Skip to content

DFS = It’s in the details

December 14, 2018

So last night, late, I’m sitting there watching the last game unfold. I had one entry in the 400$ per entry pool and it paid out 11 places. I’m out of 11th place by 0.6 pts and the 800 it pays puts me up for the night. Not a lot, but up.

Blocked shots = .5 pts. I’ve got 1 player left playing, Brett Burns….. In the ultimate Murphy’s Law case he blocks a shot with 30 seconds remaining, the Stars have 6 attackers and an empty net. Anything, a shot, another block, God forbid an actual goal, and it’s a great night.

Awesomeo, Dollar, Testor, and the rest are comfortably parked in the money as usual.

Sure enough, the clock hits zero and I end up .1 out of a profitable night.

Why am I whining? Well, I am trying not to while I make a point. If you want to play DFS and you are doing so with a mindset that is anything beyond casual you have to understand that every single roster spot is insanely crucial.

.1 pts last night cost me 800 bucks and that was NOTHING compared to what I’ve seen over the past 2 years. I’ve seen that same margin be the difference between 2500 and 25000. I’ve seen it be the difference between winning 10k or nothing.

Fact is roster assembly, and this is likely pretty obvious to even the most rookie of players, is where the games won and lost.

I am embarrassed to admit it but there were times last year when I first started out that I was unaware of the fact that in hockey you can have guys ‘scratched’ literally a few minutes before the puck drops.

Why is that important? Well, the #1 reason is that if you aren’t paying attention you get a doughnut in that spot on your roster for the night. And yes, there were nights, more than I care to admit when I rostered a player that was a late scratch, more often than not it was goalies! Putting my lineups in early and kicking back before every goalie was ‘confirmed’ as the starter.

Fast forward to mid-evening when I am perusing my scores and I look at a team and see my goalie with 0 pts, and no saves, midway through the 2nd period…..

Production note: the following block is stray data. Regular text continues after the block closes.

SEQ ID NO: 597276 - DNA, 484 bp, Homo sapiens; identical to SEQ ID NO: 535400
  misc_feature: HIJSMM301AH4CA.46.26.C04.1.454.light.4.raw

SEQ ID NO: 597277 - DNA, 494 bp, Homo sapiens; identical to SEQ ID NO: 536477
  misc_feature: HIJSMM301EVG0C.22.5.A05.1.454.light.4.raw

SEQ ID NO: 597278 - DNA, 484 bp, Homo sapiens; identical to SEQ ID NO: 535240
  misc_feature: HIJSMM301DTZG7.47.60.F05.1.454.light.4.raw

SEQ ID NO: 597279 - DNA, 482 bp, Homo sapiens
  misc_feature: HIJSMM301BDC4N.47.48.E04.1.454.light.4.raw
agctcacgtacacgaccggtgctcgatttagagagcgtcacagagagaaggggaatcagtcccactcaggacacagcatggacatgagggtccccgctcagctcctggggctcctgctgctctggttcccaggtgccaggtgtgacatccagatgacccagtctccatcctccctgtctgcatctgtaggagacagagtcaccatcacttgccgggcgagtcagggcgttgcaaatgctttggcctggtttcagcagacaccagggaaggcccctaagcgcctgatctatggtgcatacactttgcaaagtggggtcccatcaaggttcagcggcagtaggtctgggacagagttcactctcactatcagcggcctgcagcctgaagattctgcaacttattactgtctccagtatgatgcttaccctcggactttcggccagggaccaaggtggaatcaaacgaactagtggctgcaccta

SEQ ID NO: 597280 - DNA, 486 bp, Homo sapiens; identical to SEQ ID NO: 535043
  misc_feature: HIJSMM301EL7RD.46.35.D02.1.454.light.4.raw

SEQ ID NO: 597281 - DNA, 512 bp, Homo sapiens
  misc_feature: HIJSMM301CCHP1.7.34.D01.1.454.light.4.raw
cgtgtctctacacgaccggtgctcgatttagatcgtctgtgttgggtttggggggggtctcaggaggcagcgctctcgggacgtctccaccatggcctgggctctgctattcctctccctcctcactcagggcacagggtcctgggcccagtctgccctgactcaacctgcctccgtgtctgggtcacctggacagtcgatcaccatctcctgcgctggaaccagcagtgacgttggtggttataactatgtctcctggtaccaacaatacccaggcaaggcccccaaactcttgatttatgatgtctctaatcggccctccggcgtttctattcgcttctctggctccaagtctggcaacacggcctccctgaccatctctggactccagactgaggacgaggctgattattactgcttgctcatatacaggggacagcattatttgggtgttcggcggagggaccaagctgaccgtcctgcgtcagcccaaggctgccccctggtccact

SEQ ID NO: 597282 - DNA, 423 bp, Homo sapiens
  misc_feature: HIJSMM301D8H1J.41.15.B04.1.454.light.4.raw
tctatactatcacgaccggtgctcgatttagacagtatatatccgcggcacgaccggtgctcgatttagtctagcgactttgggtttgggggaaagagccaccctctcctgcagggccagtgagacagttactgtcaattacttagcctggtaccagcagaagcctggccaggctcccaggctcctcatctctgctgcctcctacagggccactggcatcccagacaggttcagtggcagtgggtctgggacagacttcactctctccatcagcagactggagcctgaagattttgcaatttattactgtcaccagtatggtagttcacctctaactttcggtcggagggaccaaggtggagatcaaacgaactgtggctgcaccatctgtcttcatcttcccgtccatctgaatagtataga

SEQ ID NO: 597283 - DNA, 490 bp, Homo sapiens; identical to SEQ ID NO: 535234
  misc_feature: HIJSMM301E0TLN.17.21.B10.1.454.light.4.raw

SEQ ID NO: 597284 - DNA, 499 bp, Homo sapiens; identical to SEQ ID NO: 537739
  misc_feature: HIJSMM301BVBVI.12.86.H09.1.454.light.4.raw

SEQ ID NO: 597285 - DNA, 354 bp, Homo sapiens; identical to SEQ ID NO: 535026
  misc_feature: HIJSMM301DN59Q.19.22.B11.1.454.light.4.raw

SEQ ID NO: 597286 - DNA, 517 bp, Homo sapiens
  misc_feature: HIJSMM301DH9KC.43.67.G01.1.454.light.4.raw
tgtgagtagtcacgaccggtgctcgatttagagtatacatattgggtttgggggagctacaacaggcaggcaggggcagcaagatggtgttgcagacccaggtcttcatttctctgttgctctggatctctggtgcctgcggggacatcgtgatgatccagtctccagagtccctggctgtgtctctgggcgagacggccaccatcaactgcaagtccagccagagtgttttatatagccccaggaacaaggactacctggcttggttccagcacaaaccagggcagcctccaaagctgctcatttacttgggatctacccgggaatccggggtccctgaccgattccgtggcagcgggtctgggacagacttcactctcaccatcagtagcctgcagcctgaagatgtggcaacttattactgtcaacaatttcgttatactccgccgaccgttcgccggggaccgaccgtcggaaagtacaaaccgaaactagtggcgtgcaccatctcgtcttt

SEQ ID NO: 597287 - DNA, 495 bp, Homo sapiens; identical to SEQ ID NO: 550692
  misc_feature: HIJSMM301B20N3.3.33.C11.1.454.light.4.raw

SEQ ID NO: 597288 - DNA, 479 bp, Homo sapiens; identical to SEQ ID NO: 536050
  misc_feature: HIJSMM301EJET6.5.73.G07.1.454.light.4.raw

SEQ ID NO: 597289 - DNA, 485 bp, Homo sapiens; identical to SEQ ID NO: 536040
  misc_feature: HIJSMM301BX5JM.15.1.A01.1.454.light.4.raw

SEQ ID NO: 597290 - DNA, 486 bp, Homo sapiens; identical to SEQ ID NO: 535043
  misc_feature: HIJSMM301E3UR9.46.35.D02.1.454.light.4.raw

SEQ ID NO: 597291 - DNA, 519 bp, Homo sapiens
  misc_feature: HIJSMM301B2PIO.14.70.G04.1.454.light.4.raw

There were many nights, again more than I’d like to admit to, when I had a zero goalie cost me a significant amount of money. Nights when I would have broken even, or profited anywhere from 100 to 3-4K, where I ended up with nothing.

DF ex1

Let me show you something. This is from tonight, actually it’s a tournament going on right now.

First off notice another of the worlds best I_Slewfoot_U who’s all over the top 10 midway through the evening in the 150 entry GPP pool. But check out Awesemo in the 5th spot tied with a few guys. Actually, he has two teams tied there.

He and I picked the ‘same’ lineup, Carolina’s top line paired with the Knights top line. We both took Carlson as one of our D’s and he took Faulk and I took Nurse while he took DeSmith and I took Fleury (who gave up a 4th goal not long after this screenshot).

3pts separate us right here. His two 5th place teams are at the moment worth 1600 bucks while my team is winning 150.

Every single spot on the roster is of crucial importance. To create a top tiered 1st and 2nd line combo often times you’re left ‘scraping’ the bottom of the barrel for 2 D worth 25-2700 each. It’s IMPERATIVE you get guys that do NOT take a donut!

You cannot afford zeroes in any spot on your roster.

That data I told you about in an earlier post? Ya, I know exactly what % a 3rd line defender that does not play on the PP scores how many pts. I know his chances of scoring 3.5+ (a goal is 3.5 pts, 3 for the goal and .5 for the shot). I know his chances of scoring 1 or less. I know his chances of scoring 5 or more, 7 or more, 10 or more and so on. I know those % for every position on the ice, every line, every spot.

So when I’m left with those last picks and trying to find that 2600$ defenseman to fill out the roster spot I don’t grab the guy who averages the most pts, I grab the guy who is “potentially” positioned to score more than the rest of the 2600$ defenders that night. It’s a combination of Fantasy Cruncher and the data I have compiled.

Until next time!

No comments yet

Leave a Reply

Please log in using one of these methods to post your comment: Logo

You are commenting using your account. Log Out /  Change )

Google photo

You are commenting using your Google account. Log Out /  Change )

Twitter picture

You are commenting using your Twitter account. Log Out /  Change )

Facebook photo

You are commenting using your Facebook account. Log Out /  Change )

Connecting to %s

38 Pitches

Curt Schilling's Official Blog

%d bloggers like this: